'I'm jealous.'
'Why are you jealous?'
'I haven't been overseas in so long.'
'Well, why don't you take a holiday?'
That made me pause. Why don't I travel more? I do have the money really. I have enough saved up to spend three months in Paris if I wanted. So why haven't I been overseas without my family yet?
'...I guess I need a reason to go,' I mused.
'What do you mean?'
'Like, most of the time I've travelled, it was to see a festival or a sports match or for work. It gives me something to experience while I'm there.'
'Mike, if you're going to another city for work, that's not the same thing. You can't see the city that way.'
'That's not true. When I went to Perth to work for a week, I was only occupied between 9 & 5. In the evenings, I organised to do some stand-up gigs and meet friends that lived there.'
'But you didn't actually see the city, did you?'
'No, I guess not...'

Later, our other friend Kelsey managed to round up a bunch of people to take a trip to Singapore and Thailand. I was invited along, but I hesitated. At the front of my mind was an audition for a touring kids theatre company that I'd just had. I didn't want to pay for flights and accommodation and then find out I'd got the job and have to cancel. But if I'm completely honest with myself, I have to admit I just didn't want to spend the money, period. It's taken me a VERY long time to accrue that money in the bank. I didn't want to blow half of it in one fell swoop. I eventually bit the bullet and joined in. I paid for my flights and accommodation while hanging out at Kelsey's house. Then, later that night, I had this conversation with him:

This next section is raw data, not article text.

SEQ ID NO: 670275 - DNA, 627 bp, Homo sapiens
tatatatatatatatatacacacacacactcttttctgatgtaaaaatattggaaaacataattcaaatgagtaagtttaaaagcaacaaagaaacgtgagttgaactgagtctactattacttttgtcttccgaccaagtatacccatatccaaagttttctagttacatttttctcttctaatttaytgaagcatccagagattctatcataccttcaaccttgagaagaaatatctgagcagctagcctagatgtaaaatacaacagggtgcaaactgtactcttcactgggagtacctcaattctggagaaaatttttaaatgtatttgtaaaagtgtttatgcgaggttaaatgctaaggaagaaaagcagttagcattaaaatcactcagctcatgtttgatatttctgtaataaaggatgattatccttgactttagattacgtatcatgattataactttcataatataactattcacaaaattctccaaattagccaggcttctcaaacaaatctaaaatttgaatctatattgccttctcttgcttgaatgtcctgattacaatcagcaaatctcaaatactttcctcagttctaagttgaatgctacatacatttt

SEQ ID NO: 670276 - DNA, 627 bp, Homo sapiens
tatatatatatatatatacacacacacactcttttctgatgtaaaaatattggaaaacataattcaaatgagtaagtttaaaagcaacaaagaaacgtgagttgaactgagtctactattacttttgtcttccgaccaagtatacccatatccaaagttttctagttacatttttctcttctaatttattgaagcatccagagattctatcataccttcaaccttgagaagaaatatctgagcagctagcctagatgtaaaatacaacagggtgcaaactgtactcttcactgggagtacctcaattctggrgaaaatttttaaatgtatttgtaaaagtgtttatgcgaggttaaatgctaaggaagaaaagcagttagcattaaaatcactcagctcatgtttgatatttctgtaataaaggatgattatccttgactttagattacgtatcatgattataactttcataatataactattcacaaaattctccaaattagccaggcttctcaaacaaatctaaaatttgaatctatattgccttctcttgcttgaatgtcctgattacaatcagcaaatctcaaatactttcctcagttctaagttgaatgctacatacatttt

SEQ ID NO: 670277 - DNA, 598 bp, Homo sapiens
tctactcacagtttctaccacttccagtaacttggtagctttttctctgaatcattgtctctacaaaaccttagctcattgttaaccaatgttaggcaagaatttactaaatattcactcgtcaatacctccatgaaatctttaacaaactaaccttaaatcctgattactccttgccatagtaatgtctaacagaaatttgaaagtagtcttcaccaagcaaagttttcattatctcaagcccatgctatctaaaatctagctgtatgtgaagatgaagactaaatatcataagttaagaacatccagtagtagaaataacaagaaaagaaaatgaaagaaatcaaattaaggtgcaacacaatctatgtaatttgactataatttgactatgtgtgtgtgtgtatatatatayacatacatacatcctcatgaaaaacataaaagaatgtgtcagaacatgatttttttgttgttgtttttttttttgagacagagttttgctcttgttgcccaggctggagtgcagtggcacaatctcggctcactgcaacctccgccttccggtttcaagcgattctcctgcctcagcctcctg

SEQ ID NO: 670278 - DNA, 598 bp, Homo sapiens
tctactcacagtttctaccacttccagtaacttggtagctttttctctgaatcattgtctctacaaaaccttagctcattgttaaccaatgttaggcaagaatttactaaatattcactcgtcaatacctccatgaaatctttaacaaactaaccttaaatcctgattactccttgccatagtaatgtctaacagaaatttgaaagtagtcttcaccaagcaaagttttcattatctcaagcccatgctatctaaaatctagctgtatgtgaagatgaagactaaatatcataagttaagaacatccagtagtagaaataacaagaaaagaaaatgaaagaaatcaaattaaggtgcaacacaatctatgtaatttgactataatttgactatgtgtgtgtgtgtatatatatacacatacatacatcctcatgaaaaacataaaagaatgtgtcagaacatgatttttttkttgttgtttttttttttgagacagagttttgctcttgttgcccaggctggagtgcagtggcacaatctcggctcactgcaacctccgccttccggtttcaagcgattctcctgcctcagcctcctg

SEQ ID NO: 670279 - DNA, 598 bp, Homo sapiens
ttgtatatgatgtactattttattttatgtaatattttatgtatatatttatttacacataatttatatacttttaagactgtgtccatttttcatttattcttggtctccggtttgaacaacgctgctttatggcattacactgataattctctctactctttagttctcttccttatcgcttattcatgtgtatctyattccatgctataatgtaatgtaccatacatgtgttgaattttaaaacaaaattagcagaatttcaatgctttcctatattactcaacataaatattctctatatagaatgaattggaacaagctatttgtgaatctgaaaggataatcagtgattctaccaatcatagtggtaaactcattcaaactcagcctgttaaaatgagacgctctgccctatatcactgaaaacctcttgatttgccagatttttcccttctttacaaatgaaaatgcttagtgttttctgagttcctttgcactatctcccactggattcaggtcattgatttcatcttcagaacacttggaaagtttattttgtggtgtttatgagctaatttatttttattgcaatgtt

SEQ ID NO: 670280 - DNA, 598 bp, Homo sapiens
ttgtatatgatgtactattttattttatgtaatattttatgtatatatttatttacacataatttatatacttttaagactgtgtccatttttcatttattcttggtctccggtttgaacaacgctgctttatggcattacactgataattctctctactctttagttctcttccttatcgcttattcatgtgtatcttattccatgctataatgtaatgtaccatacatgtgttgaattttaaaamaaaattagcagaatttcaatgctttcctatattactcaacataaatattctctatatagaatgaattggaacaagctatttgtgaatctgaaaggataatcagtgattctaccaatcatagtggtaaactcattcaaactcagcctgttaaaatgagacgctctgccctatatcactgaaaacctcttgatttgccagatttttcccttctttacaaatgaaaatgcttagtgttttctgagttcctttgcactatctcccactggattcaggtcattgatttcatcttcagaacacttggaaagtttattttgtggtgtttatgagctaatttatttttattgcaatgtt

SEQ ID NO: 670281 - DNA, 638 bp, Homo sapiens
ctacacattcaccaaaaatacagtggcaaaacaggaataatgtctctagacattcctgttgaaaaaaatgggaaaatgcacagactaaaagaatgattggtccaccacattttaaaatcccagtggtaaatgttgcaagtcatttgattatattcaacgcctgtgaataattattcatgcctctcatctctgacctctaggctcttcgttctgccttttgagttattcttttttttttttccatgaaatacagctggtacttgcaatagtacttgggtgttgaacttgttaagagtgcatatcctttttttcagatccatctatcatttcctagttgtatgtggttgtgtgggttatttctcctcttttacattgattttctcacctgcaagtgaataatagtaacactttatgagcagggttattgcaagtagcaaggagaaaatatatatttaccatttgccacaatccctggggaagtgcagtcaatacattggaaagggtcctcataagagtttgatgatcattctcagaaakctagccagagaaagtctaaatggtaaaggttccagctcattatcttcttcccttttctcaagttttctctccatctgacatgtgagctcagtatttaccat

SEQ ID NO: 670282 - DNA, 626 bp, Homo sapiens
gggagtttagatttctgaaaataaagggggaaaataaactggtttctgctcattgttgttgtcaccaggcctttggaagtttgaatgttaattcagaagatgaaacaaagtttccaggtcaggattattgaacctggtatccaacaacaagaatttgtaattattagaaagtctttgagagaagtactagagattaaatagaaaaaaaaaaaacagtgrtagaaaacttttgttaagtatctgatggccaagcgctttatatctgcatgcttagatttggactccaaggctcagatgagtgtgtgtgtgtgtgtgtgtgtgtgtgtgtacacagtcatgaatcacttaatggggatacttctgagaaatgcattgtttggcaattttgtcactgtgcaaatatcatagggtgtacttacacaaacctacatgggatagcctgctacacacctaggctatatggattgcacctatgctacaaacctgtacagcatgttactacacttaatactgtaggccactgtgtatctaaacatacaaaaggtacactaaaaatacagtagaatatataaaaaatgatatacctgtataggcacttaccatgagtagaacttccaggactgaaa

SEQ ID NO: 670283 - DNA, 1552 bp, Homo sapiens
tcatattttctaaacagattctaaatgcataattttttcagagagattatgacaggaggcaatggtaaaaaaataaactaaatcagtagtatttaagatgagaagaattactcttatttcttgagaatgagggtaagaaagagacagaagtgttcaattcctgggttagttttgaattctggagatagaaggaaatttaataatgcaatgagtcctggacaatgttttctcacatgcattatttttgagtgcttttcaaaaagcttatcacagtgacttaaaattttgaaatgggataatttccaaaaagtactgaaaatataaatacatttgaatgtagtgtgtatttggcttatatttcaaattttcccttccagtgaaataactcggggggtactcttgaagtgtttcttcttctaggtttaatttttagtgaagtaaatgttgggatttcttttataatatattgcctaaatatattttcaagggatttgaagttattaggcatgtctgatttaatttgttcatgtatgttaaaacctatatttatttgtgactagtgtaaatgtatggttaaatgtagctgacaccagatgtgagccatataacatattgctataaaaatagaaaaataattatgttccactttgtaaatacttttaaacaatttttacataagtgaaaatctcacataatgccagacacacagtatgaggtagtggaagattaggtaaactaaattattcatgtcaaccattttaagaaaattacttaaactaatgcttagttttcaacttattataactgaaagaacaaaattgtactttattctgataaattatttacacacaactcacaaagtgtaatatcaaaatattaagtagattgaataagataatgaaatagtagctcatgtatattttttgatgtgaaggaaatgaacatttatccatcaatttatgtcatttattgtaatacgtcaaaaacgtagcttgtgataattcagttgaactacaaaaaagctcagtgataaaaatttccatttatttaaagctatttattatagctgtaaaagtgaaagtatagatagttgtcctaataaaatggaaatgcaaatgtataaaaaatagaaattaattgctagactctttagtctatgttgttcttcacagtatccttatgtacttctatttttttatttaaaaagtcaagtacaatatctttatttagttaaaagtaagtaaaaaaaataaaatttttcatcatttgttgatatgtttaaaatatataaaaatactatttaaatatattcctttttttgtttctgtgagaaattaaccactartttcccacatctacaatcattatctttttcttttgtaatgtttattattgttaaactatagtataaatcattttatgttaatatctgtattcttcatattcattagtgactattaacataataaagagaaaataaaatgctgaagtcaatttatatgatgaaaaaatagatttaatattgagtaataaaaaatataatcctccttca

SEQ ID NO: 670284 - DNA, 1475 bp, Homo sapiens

Kelsey: 'This is going to be so great.'
Me: 'Yeah... I wish I could get that excited.'
'You're not excited?'
'I am, just... not as excited as I used to be.'
'What do you mean?'
I'd had more time to think about it and realised I knew the problem.
'Travelling used to be the number one thing I wanted to do with my life, but it isn't any more. My priorities have changed.'
'Not me, I want to see the world. I want to open my mind to other cultures and learn what they're about.'
'Yeah I used to be like that too. But now I'm saving up for a house. I want to get into a position where I can support myself and a family. If I have to sacrifice travel for that, I don't mind.'
'Yeah look, I want to do that too. But you have to travel while you're young. See the world now because when you have a career and kids, you won't get to do it any more.'

Kelsey may not have realised it, but his philosophy is nothing new. While in the last generation you were seen as a success if you had a nice house, a nice job and a nice partner with nice kids, now success is measured by the places you've been and the experiences you've had. But just as a feminist is still a feminist, even if she chooses to be a stay-at-home mum, a new-age man is still enlightened if he prioritises a house and kids over travel. Don't get me wrong, I still measure my life by experiences... I just get my life experience elsewhere.

I was happy that I'd come to that realisation. It felt good knowing that I didn't have to dedicate all my effort to such an enormous task as seeing the world. Kelsey still didn't get it, but that was okay. He had his plan and I had mine. I wished him all the best.
But a few days later, I was thinking about it again. Something about my logic didn't quite add up.If all I care about is getting a house and family, then why do I still have a bucket list typed out on my computer? Why am I trying to visit every Australian capital city and why do I want to travel to every continent? When we were discussing what to do on our upcoming trip to Asia, I only had one suggestion and it was the only thing I got properly excited about - I wanted to go to a Buddhist monastery, experience that lifestyle and hopefully learn to meditate. I mulled that idea over, then it finally hit me.

I don't want to see the world. That's too sedentary for me. I'd much rather be the world.

If I'm going to Thailand, it's not enough to just see first-hind how they live. I want to actually live like them - to become a local. See the world through their eyes.
If I had a choice between going to China to see the Great Wall or living for two months in an Aboriginal community, I'd pick the latter.